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Today's News

  • From bushel to bottle: Local farmer produces corn for Woodford Reserve

    If you pony up the cash for a fifth of Woodford Reserve, you'll get a taste of Shelby County along with a sip of super premium whiskey.

    The corn that is the principal ingredient of Woodford Reserve is grown right here in Shelby County - by Langley Farms.

    Langley Farms is the sole provider of the corn that will make the whiskey that has won "best bourbon" awards all over the country and is the official bourbon of the Kentucky Derby and the Breeders Cup.

  • Zap-car firm tours Martinrea

    A manufacturer of electric automobiles toured the Martinrea Heavy Stamping facility in Shelbyville on Monday, raising questions about the future of what once was Shelbyville's largest employer.

    The visit sparked speculation across the county that the local plant might be sold to up-and-coming Integrity Automotive, but Randall Waldman, Integrity's CEO, said he doesn't want to buy the whole plant but only parts of it after it shuts down.

  • School redistricting causes concerns

    Tensions were high Tuesday night as school administrators and local parents discussed the district's plan to reassign up to 60 students to a different school next year.

    The district's plan calls for Simpsonville Elementary school students who live in parts of Finchville to be reassigned to Southside Elementary School.

    The meeting, which was held at Southside, was designed to allow district personnel to hear from the parents who are affects and to discuss possible alternative solutions.

  • 1993: Top pastry awards are 'icing' for Shelby grad

    If anyone has an old photo that they would like to run with this column bring it and the information into The Sentinel-News office or e-mail it to the writer at sharonw@sentinelnews.com. We are also looking for mystery photos. If you have a picture you can't identify, send it in and we'll ask our readers for help.

    10 years ago, 1998

  • Triple S to consider regulations on satellite dishes

    Triple S Planning and Zoning is considering new regulations that would dictate where homeowners can install satellite dishes.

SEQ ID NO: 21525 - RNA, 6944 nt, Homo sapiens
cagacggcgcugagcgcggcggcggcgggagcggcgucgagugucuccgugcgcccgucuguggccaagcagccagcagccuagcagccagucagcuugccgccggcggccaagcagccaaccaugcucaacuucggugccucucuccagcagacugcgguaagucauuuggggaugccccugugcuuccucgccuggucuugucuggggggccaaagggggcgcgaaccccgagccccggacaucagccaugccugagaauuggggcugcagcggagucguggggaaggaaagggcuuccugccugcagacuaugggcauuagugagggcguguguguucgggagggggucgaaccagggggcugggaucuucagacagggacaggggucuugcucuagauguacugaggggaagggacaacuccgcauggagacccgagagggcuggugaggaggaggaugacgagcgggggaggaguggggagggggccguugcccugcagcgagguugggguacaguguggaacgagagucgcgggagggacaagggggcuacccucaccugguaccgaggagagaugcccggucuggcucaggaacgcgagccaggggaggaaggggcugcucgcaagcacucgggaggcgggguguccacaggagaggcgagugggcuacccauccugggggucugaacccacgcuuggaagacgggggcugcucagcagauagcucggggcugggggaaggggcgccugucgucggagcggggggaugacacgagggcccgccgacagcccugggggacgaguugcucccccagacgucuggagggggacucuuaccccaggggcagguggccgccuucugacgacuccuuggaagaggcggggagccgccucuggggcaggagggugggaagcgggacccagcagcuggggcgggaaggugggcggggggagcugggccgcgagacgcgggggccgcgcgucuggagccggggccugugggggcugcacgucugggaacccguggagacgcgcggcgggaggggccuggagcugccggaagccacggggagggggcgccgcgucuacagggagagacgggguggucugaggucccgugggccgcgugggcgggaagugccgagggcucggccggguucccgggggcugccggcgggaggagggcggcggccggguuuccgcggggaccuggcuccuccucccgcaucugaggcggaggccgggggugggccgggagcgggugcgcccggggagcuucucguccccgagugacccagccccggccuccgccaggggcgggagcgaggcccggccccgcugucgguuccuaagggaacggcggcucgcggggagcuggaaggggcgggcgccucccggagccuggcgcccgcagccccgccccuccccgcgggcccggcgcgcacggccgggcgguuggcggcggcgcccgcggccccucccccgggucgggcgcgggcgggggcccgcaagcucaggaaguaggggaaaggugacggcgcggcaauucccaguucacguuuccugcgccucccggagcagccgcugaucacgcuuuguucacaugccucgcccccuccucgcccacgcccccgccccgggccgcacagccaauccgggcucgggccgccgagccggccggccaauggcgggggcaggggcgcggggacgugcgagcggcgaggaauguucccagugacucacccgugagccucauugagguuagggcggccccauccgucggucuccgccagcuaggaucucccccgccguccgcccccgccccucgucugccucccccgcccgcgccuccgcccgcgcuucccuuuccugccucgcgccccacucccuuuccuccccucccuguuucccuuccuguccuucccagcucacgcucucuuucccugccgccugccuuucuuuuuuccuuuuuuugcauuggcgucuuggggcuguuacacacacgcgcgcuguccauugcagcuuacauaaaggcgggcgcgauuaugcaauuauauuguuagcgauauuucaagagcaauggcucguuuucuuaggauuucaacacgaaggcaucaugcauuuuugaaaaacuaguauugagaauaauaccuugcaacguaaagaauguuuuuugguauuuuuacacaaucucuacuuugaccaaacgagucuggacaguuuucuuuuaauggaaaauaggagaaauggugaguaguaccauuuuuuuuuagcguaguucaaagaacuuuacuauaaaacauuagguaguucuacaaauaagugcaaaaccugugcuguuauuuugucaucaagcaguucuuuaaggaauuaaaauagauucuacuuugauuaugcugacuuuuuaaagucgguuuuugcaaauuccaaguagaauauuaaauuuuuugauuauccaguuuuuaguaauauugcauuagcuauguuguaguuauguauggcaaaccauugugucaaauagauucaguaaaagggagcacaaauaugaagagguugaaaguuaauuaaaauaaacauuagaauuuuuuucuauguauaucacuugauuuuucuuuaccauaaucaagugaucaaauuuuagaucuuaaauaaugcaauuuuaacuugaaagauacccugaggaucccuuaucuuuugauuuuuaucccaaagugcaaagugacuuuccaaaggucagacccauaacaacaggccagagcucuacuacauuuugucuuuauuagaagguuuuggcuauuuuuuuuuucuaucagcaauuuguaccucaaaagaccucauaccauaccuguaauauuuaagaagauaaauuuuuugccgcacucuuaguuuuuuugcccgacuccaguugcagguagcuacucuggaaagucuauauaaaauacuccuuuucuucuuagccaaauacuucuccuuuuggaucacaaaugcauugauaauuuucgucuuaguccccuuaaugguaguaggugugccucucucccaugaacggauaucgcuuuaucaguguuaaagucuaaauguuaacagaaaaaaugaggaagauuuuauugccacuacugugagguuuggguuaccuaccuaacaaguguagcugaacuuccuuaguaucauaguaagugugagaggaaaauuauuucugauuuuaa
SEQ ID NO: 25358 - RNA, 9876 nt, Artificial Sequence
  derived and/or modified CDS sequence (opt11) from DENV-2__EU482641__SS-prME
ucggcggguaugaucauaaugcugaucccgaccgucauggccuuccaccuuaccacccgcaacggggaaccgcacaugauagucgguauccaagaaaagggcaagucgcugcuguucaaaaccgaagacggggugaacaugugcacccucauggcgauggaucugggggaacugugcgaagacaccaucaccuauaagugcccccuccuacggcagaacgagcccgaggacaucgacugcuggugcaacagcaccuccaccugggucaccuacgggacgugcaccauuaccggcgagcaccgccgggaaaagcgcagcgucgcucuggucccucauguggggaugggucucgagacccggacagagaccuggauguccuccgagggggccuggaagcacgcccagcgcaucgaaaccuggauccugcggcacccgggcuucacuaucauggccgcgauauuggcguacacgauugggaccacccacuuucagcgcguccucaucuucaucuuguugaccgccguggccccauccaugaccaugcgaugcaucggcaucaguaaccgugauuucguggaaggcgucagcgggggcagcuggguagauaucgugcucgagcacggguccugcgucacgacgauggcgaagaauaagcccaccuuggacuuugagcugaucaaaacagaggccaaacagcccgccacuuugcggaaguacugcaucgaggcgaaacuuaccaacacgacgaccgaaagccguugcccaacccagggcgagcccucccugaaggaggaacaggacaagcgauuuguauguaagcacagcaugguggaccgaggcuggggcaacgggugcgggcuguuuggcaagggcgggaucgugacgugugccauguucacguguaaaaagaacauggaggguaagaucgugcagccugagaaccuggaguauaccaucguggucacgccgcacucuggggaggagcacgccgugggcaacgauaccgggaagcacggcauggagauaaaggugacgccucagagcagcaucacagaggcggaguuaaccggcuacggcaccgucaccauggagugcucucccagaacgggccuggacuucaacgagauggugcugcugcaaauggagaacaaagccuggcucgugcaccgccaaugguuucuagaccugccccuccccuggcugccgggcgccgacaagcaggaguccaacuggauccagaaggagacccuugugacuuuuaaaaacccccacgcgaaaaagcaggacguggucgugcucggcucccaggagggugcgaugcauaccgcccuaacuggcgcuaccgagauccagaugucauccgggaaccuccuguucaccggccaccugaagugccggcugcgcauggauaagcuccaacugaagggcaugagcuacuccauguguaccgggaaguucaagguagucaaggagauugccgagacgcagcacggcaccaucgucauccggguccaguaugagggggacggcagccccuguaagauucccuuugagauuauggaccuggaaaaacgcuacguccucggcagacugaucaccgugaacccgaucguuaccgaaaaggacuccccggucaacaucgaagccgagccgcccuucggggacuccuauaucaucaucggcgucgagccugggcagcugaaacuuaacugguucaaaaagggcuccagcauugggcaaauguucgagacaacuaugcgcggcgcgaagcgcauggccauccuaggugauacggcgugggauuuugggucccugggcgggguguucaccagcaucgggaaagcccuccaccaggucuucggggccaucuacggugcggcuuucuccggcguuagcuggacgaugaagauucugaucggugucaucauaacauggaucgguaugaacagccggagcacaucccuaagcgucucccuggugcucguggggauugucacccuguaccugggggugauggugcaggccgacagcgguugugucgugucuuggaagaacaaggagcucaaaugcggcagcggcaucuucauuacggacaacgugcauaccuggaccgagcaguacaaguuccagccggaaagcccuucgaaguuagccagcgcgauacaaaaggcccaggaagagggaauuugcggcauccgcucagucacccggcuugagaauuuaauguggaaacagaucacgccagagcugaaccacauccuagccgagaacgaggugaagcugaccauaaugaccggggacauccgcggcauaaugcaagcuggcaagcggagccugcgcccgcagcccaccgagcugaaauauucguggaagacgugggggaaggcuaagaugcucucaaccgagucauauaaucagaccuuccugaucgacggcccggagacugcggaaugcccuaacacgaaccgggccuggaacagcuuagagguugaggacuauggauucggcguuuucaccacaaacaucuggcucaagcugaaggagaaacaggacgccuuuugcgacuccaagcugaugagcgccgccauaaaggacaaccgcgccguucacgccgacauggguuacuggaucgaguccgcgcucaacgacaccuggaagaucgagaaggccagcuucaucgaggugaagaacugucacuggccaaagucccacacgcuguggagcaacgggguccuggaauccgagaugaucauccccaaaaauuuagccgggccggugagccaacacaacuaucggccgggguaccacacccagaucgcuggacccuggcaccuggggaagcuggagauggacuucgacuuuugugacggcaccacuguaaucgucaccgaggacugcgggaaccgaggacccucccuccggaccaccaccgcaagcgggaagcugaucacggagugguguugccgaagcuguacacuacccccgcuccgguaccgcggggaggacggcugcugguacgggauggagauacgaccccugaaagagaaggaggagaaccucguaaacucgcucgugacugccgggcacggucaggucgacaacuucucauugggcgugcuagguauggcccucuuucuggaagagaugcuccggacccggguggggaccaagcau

Amended regulations discussed at Tuesday's meeting would require a new permit process for the installation of dishes greater than three feet in diameter and would create explicit language specifying where on a house a homeowner could place a dish that is three feet or smaller.

  • Rockets fall 28-6 at Madison Central

    The SCHS football team failed to pick up its first win of the season, falling 28-6 at Madison Central Friday.

    The Rockets fell behind early, trailing 21-0 at halftime, and never could recover. The offense struggled again; turning the ball over six times, twice on downs, and didn't score until late in the third quarter. After Tavis Elzy intercepted a pass, SCHS QB Matt Page hit Elzy on a 20-yard pass for the Rockets' only score. The extra point was blocked.

    See Wednesday's Sentinel-News for a full recap of the game.

  • School-board candidates focus on the issues

    Whoever is elected to the Shelby County School Board this year will have to help plan three new school buildings, address lagging test scores at the secondary level and balance a budget with shrinking state support.

    In recent weeks, candidates have been busy handing out leaflets and making phone calls to rally support for the Nov. 4 vote.

    Two of the three open seats on the Shelby County School Board will be contested this election cycle.

    Brenda Jackson, who represents division 5, is the only member of the school board who will run unopposed.

  • All-America selections for 2009

    I've followed the All-America Selections for as long as I can remember. It was always a designation that my father trusted, and we often trialed the plants in our own family garden the year before their introduction.

    Some of the more memorable plants include "Purple Wave" petunia, "Magestic Giants" pansy mix, and the "Profusion" zinnias.

    Sure, there were memorable vegetables in the past, but it seems as though the AAS is responding to the increase in vegetable gardening interest by including more vegetables then ever each year.

  • 'W' takes a long time to go nowhere

    Director Oliver Stone previously had dug deep into our country's presidential history to give us revealing films like JFK and Nixon. With Stone in charge of W., the potential was huge. Never before has a film of this magnitude been released about a president who was still in office. Factor in that George W. Bush's presidency has been the most dramatic reign in some time, and you should have a formula for something spectacular.

    Instead, we got 129 minutes of W's daddy issues and not much else.

  • Teacher Jennings named businesswoman of the year

    The Business and Professional Women's organization of Shelbyville has named a local educator as their Woman of the Year.

    The local BPW has also recently recognized three other women for their achievements in the business world.

    Ernestine Jennings, who teaches English in Shelby County Public Schools, received the woman of the year award earlier this month for her years of service in the public school system.

    Along with her work in the school system, Jennings is also a co-adviser for the National Honor Society and coordinator of Adopt-a-Child.